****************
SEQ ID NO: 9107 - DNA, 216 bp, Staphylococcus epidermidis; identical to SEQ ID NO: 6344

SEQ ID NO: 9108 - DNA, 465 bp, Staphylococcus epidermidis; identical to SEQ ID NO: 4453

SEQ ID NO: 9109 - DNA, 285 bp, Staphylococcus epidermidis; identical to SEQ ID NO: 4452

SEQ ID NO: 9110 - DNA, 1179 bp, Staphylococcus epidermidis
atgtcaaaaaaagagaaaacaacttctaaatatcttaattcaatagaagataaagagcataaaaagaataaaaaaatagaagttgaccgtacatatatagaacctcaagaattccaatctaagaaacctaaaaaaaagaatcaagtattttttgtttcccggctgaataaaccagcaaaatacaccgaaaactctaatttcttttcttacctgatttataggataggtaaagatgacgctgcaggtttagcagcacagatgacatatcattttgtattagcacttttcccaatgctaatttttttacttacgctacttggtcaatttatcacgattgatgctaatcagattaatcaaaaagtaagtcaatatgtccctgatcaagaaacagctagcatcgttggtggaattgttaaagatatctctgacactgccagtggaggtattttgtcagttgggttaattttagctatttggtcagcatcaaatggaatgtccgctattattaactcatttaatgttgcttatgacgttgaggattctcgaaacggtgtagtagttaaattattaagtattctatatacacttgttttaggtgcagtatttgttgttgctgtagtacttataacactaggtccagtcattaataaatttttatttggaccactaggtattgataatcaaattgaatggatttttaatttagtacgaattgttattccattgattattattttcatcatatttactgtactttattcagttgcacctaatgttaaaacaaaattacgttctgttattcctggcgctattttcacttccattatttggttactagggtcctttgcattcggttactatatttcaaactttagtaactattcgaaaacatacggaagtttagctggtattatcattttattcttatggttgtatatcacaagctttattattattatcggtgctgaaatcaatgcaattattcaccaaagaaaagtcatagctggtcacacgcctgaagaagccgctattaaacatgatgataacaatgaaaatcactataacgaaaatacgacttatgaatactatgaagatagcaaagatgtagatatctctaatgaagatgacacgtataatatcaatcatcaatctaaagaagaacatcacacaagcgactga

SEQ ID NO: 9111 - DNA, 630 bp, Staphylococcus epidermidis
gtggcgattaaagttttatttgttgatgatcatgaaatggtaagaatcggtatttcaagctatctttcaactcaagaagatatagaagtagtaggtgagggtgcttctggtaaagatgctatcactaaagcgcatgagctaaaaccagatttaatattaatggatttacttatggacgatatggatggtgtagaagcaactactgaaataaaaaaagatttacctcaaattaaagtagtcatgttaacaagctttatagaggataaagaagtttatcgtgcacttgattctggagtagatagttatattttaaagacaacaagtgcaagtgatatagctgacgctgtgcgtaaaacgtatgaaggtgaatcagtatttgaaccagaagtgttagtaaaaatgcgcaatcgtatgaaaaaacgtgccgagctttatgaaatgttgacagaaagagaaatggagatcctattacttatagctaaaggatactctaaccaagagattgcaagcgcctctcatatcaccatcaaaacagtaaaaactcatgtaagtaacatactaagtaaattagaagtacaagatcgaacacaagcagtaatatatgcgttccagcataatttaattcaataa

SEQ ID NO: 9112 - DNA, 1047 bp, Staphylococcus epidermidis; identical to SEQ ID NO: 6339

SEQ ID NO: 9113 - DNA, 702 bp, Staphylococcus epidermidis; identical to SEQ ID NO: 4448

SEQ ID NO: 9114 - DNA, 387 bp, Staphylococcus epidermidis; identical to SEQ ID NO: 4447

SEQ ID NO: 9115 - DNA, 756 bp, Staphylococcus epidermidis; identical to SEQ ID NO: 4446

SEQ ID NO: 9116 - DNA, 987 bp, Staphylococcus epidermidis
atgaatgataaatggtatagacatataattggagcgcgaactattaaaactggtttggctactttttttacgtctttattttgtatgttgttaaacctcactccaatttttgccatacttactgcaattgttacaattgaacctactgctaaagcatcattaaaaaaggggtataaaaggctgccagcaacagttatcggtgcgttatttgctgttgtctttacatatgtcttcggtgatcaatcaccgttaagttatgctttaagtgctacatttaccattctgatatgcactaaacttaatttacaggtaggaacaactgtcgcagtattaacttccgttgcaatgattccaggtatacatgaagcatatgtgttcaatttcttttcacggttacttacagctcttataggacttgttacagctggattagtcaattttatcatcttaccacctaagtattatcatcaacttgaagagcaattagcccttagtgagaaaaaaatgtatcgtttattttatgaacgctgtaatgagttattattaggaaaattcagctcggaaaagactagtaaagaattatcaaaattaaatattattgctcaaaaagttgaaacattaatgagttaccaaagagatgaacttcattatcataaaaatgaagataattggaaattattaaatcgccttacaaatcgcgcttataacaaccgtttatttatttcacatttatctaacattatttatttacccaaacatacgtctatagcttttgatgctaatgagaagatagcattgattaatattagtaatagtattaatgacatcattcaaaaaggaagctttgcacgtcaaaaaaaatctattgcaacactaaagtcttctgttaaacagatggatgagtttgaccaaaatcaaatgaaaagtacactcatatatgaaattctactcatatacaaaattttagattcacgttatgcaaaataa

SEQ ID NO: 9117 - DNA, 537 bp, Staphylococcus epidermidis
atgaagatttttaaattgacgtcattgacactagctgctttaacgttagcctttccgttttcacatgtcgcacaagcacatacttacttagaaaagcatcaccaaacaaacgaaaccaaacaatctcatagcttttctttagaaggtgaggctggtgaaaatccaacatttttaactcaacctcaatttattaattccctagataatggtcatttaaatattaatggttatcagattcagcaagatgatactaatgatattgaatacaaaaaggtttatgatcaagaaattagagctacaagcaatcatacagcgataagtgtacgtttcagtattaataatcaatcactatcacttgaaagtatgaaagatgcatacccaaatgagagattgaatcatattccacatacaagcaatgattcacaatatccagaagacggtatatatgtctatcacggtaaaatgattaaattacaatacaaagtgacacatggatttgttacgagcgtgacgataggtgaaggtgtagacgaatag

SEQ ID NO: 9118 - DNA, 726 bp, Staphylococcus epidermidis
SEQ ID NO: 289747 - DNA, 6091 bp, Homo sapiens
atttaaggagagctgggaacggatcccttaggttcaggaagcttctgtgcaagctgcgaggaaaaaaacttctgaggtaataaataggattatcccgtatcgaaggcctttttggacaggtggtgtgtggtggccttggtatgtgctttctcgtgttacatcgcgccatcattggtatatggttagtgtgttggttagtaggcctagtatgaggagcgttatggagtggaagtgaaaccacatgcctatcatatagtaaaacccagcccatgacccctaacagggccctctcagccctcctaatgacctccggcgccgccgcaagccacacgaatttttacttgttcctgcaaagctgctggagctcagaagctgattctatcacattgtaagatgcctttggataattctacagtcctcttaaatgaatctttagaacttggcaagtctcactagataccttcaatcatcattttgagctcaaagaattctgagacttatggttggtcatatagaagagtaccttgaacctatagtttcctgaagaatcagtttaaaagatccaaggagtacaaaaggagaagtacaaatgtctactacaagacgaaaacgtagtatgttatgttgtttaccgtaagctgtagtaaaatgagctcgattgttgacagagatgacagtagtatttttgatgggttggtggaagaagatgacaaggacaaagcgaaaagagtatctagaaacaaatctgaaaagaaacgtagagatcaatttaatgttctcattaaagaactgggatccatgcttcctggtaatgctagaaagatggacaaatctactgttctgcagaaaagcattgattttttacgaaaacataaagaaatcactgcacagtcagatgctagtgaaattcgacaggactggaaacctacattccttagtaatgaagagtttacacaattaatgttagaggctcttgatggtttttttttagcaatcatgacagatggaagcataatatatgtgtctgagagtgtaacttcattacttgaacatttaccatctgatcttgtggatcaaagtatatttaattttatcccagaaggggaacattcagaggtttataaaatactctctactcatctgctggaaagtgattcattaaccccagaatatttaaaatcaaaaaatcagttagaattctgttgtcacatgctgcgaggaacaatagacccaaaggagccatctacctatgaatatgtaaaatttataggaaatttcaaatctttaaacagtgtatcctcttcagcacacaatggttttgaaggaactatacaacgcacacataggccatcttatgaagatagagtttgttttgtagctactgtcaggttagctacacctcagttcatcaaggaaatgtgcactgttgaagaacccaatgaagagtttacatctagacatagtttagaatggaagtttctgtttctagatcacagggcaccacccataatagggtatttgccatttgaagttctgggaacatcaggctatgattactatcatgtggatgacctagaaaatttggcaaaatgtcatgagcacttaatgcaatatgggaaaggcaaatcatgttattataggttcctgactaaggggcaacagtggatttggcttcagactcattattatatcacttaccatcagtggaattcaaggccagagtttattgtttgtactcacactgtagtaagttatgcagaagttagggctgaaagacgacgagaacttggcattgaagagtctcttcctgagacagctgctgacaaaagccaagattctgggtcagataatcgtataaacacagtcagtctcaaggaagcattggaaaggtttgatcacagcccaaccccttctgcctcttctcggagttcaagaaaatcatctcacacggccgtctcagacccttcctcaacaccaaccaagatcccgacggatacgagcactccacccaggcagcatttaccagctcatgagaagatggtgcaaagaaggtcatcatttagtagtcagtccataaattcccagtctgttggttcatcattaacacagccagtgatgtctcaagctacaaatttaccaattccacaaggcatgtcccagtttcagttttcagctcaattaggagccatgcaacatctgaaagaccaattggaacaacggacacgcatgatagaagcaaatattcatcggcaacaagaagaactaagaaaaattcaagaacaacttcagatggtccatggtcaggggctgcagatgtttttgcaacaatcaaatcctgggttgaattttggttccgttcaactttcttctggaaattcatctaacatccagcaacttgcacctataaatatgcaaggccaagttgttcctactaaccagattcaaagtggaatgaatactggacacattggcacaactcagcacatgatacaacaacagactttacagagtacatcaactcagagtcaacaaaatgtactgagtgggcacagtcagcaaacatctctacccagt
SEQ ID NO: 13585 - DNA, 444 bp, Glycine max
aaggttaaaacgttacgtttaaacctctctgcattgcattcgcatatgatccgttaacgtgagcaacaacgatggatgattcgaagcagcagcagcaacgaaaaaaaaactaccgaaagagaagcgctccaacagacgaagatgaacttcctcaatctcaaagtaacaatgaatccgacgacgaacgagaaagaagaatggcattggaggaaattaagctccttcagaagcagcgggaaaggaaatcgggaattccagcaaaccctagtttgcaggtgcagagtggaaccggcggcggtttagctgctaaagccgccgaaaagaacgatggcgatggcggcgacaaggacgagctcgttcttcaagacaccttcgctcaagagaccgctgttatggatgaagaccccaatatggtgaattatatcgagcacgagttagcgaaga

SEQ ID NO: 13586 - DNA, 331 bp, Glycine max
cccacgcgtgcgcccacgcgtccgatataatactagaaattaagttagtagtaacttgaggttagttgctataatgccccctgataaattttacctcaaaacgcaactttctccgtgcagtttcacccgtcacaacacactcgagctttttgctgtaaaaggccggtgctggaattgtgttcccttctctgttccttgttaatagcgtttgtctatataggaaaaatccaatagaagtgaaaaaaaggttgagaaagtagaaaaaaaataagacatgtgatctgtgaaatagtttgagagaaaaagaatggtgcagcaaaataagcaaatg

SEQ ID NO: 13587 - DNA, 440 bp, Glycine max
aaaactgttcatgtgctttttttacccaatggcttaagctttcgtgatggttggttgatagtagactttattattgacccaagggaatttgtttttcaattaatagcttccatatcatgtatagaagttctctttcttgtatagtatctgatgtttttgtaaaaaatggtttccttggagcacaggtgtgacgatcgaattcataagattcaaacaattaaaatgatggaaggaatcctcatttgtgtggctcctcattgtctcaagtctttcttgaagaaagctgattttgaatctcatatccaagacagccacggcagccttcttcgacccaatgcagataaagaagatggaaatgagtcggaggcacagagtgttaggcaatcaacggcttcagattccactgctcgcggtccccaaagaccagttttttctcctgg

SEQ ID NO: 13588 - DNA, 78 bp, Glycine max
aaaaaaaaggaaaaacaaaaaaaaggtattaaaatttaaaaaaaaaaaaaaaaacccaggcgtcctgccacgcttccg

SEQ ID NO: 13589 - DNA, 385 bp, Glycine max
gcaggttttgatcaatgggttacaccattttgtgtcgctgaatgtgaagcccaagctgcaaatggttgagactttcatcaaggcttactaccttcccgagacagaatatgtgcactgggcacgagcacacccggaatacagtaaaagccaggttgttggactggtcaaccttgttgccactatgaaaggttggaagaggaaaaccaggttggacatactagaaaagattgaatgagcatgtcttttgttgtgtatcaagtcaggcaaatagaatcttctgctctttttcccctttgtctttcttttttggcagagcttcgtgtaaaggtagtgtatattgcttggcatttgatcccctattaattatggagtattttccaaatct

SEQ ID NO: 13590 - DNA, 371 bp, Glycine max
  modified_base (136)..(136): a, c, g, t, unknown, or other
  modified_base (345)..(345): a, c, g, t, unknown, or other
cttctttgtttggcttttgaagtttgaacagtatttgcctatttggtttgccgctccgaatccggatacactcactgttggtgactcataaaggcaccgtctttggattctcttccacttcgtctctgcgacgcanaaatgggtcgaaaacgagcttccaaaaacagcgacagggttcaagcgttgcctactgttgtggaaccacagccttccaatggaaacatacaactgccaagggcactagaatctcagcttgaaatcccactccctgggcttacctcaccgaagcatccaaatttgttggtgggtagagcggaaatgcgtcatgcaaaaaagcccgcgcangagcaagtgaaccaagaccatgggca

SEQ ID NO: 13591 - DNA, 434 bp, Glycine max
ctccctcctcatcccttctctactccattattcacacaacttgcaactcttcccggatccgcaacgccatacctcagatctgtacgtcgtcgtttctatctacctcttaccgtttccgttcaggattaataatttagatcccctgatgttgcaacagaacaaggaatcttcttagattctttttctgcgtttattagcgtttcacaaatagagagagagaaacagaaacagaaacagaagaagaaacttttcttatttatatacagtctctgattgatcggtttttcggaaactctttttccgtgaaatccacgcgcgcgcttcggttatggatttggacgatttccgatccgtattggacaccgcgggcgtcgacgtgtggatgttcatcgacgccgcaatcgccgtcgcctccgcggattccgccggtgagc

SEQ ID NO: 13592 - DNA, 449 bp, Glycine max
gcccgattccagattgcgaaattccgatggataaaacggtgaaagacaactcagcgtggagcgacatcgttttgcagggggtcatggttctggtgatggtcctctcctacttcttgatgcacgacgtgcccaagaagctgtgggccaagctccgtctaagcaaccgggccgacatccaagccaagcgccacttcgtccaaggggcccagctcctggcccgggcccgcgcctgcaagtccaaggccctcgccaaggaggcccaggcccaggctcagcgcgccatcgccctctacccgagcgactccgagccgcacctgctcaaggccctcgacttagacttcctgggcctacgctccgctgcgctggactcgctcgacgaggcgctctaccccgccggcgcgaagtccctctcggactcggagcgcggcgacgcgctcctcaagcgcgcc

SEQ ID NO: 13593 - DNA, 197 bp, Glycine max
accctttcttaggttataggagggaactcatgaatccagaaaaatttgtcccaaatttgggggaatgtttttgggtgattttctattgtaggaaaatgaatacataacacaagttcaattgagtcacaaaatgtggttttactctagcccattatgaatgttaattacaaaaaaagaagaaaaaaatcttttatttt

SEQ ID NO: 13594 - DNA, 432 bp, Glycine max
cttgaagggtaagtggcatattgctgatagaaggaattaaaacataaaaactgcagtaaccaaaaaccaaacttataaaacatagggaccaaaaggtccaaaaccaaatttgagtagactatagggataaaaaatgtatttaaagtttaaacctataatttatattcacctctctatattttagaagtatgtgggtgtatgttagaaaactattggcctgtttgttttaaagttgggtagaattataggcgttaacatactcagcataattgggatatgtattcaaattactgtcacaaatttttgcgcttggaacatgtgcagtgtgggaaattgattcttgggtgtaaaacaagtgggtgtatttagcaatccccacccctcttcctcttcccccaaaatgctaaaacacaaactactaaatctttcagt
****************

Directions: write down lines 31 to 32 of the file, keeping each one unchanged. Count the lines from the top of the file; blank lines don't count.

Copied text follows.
  modified_base (345)..(345): a, c, g, t, unknown, or other
cttctttgtttggcttttgaagtttgaacagtatttgcctatttggtttgccgctccgaatccggatacactcactgttggtgactcataaaggcaccgtctttggattctcttccacttcgtctctgcgacgcanaaatgggtcgaaaacgagcttccaaaaacagcgacagggttcaagcgttgcctactgttgtggaaccacagccttccaatggaaacatacaactgccaagggcactagaatctcagcttgaaatcccactccctgggcttacctcaccgaagcatccaaatttgttggtgggtagagcggaaatgcgtcatgcaaaaaagcccgcgcangagcaagtgaaccaagaccatgggca